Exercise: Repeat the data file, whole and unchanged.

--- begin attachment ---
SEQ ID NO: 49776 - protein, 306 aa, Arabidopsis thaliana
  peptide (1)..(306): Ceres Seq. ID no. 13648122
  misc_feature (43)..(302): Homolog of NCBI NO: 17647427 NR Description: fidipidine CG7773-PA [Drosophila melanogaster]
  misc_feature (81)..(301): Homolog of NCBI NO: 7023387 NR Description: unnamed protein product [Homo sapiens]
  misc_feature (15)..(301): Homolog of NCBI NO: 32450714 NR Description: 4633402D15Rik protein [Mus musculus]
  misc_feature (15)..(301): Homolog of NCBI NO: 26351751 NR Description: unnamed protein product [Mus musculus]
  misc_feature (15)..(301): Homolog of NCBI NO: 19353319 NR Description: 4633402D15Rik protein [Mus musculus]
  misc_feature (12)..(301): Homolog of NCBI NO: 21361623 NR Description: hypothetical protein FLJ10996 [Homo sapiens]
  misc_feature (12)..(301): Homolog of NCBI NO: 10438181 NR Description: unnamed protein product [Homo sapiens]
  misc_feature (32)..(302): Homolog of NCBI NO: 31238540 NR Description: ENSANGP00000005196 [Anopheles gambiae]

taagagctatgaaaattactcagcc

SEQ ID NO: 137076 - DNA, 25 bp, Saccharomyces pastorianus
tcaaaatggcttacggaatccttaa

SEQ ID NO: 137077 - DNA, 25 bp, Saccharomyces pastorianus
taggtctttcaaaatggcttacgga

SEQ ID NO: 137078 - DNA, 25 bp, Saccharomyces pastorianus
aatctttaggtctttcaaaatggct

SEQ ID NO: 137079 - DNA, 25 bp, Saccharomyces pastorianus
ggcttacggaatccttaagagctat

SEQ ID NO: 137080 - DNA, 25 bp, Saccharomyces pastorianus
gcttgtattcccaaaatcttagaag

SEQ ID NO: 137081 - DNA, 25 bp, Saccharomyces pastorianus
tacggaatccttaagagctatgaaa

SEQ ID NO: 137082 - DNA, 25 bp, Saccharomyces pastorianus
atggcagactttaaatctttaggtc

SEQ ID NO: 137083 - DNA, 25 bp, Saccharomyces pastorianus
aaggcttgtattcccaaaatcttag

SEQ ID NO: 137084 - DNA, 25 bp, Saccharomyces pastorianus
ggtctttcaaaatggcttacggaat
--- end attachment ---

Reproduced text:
SEQ ID NO: 49776 - protein, 306 aa, Arabidopsis thaliana
  peptide (1)..(306): Ceres Seq. ID no. 13648122
  misc_feature (43)..(302): Homolog of NCBI NO: 17647427 NR Description: fidipidine CG7773-PA [Drosophila melanogaster]
  misc_feature (81)..(301): Homolog of NCBI NO: 7023387 NR Description: unnamed protein product [Homo sapiens]
  misc_feature (15)..(301): Homolog of NCBI NO: 32450714 NR Description: 4633402D15Rik protein [Mus musculus]
  misc_feature (15)..(301): Homolog of NCBI NO: 26351751 NR Description: unnamed protein product [Mus musculus]
  misc_feature (15)..(301): Homolog of NCBI NO: 19353319 NR Description: 4633402D15Rik protein [Mus musculus]
  misc_feature (12)..(301): Homolog of NCBI NO: 21361623 NR Description: hypothetical protein FLJ10996 [Homo sapiens]
  misc_feature (12)..(301): Homolog of NCBI NO: 10438181 NR Description: unnamed protein product [Homo sapiens]
  misc_feature (32)..(302): Homolog of NCBI NO: 31238540 NR Description: ENSANGP00000005196 [Anopheles gambiae]

taagagctatgaaaattactcagcc

SEQ ID NO: 137076 - DNA, 25 bp, Saccharomyces pastorianus
tcaaaatggcttacggaatccttaa

SEQ ID NO: 137077 - DNA, 25 bp, Saccharomyces pastorianus
taggtctttcaaaatggcttacgga

SEQ ID NO: 137078 - DNA, 25 bp, Saccharomyces pastorianus
aatctttaggtctttcaaaatggct

SEQ ID NO: 137079 - DNA, 25 bp, Saccharomyces pastorianus
ggcttacggaatccttaagagctat

SEQ ID NO: 137080 - DNA, 25 bp, Saccharomyces pastorianus
gcttgtattcccaaaatcttagaag

SEQ ID NO: 137081 - DNA, 25 bp, Saccharomyces pastorianus
tacggaatccttaagagctatgaaa

SEQ ID NO: 137082 - DNA, 25 bp, Saccharomyces pastorianus
atggcagactttaaatctttaggtc

SEQ ID NO: 137083 - DNA, 25 bp, Saccharomyces pastorianus
aaggcttgtattcccaaaatcttag

SEQ ID NO: 137084 - DNA, 25 bp, Saccharomyces pastorianus
ggtctttcaaaatggcttacggaat